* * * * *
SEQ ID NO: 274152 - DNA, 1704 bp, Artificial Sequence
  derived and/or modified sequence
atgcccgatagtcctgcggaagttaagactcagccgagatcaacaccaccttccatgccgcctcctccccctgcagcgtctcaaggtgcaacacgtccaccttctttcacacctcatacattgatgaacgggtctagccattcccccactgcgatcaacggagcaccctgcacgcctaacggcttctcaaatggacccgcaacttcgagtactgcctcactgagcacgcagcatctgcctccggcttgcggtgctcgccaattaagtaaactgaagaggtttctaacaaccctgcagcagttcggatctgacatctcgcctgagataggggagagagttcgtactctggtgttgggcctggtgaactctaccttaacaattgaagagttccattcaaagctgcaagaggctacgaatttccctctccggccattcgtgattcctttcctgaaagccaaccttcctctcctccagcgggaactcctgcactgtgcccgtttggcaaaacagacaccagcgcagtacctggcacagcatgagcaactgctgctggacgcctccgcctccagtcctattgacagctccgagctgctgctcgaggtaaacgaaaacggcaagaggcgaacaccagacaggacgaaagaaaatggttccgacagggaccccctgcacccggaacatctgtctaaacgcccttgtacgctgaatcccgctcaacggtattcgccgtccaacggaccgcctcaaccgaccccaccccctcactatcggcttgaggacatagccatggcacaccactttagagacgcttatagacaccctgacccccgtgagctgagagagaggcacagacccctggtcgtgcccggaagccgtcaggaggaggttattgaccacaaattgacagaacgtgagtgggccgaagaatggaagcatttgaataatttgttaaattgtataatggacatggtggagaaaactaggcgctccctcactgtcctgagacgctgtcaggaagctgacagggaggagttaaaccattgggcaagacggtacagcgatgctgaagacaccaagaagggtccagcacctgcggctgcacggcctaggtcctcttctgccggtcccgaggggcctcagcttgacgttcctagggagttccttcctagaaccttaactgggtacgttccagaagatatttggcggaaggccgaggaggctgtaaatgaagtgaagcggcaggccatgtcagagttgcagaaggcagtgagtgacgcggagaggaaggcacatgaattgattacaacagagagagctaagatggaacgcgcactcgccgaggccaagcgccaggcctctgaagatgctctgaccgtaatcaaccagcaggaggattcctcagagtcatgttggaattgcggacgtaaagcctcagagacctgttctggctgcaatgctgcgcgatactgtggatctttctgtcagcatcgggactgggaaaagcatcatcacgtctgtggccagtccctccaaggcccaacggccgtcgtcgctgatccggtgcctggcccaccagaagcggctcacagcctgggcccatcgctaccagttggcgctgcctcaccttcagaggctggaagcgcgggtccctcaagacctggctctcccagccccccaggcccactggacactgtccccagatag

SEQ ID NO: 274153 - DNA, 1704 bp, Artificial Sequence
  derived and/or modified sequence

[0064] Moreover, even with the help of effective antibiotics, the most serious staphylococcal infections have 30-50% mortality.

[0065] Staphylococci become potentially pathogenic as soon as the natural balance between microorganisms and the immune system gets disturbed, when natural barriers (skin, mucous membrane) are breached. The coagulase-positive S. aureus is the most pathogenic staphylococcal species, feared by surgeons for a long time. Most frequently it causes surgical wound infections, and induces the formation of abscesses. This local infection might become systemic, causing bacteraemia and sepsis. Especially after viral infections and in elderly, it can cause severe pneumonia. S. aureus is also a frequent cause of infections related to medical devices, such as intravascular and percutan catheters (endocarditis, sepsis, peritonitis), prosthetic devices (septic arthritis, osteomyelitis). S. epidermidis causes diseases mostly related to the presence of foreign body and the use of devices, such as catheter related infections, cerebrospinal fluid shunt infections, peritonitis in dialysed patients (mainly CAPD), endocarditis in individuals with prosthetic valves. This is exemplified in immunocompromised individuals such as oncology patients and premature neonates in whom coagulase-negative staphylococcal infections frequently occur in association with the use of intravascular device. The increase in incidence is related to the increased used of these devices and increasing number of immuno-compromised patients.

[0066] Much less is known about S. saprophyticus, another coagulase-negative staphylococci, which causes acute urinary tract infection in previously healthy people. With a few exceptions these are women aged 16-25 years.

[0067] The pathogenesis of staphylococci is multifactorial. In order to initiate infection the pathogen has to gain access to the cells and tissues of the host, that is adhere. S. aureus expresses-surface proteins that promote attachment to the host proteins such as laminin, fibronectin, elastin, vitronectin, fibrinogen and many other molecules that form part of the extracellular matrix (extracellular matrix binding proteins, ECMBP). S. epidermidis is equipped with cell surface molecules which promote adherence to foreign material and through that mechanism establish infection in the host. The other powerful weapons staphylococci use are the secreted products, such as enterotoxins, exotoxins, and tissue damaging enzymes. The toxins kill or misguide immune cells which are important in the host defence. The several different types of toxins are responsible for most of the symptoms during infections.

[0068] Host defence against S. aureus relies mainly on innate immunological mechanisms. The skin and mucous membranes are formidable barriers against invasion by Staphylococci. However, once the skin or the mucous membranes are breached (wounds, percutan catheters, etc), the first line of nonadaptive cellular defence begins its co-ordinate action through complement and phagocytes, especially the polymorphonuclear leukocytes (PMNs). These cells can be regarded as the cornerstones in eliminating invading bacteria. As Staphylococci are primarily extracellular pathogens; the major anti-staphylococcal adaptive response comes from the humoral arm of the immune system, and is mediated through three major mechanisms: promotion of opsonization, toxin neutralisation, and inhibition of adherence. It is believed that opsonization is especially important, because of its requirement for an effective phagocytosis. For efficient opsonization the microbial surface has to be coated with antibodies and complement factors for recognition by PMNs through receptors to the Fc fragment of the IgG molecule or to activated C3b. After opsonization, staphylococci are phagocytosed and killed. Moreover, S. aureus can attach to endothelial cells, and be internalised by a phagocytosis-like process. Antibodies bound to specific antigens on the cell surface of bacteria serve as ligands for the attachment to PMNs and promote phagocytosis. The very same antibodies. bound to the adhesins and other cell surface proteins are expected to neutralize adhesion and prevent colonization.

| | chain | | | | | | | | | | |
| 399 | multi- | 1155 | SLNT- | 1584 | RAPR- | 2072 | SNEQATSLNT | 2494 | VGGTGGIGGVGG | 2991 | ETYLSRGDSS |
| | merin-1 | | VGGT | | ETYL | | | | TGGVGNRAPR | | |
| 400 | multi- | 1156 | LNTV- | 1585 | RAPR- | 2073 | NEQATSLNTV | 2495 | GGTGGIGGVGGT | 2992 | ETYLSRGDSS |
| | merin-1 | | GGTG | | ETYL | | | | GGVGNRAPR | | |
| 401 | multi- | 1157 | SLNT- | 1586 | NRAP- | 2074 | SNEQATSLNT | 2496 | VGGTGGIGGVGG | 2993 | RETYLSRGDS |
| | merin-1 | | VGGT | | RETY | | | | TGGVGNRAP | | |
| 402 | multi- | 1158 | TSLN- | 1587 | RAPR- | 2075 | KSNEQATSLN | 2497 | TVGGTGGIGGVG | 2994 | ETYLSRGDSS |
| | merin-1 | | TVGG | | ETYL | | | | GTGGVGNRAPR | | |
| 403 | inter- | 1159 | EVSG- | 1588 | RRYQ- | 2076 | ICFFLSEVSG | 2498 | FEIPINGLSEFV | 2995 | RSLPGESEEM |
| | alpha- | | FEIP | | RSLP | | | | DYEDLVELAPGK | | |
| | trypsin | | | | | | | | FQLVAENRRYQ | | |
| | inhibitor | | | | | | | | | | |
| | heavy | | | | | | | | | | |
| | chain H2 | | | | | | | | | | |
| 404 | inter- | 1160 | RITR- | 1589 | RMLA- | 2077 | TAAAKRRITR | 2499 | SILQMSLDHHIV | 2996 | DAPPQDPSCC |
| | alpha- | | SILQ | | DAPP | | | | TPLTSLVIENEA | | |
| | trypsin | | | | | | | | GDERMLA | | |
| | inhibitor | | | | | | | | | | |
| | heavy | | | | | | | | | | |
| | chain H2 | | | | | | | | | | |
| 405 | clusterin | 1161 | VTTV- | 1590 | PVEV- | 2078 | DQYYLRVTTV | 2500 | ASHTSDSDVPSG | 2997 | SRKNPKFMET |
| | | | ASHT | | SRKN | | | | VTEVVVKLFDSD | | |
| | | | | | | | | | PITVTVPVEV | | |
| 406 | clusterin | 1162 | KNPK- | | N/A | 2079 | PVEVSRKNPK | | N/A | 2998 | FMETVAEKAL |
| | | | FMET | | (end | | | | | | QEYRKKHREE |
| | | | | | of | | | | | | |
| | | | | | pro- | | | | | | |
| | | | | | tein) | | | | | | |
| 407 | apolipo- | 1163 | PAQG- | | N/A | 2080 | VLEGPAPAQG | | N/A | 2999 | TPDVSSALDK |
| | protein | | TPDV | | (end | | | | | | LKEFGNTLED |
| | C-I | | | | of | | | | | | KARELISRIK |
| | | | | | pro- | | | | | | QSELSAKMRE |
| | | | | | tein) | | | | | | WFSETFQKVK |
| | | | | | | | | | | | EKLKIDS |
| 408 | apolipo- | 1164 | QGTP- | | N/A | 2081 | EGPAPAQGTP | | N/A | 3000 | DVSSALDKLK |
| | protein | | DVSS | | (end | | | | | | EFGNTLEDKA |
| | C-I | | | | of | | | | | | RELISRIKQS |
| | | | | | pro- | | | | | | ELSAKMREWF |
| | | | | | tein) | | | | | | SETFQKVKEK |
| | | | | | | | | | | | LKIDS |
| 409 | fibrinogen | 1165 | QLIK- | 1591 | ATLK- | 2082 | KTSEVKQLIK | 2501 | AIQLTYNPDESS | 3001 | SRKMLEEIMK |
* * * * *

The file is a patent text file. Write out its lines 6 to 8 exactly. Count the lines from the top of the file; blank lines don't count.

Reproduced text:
[0064] Moreover, even with the help of effective antibiotics, the most serious staphylococcal infections have 30-50% mortality.

[0065] Staphylococci become potentially pathogenic as soon as the natural balance between microorganisms and the immune system gets disturbed, when natural barriers (skin, mucous membrane) are breached. The coagulase-positive S. aureus is the most pathogenic staphylococcal species, feared by surgeons for a long time. Most frequently it causes surgical wound infections, and induces the formation of abscesses. This local infection might become systemic, causing bacteraemia and sepsis. Especially after viral infections and in elderly, it can cause severe pneumonia. S. aureus is also a frequent cause of infections related to medical devices, such as intravascular and percutan catheters (endocarditis, sepsis, peritonitis), prosthetic devices (septic arthritis, osteomyelitis). S. epidermidis causes diseases mostly related to the presence of foreign body and the use of devices, such as catheter related infections, cerebrospinal fluid shunt infections, peritonitis in dialysed patients (mainly CAPD), endocarditis in individuals with prosthetic valves. This is exemplified in immunocompromised individuals such as oncology patients and premature neonates in whom coagulase-negative staphylococcal infections frequently occur in association with the use of intravascular device. The increase in incidence is related to the increased used of these devices and increasing number of immuno-compromised patients.

[0066] Much less is known about S. saprophyticus, another coagulase-negative staphylococci, which causes acute urinary tract infection in previously healthy people. With a few exceptions these are women aged 16-25 years.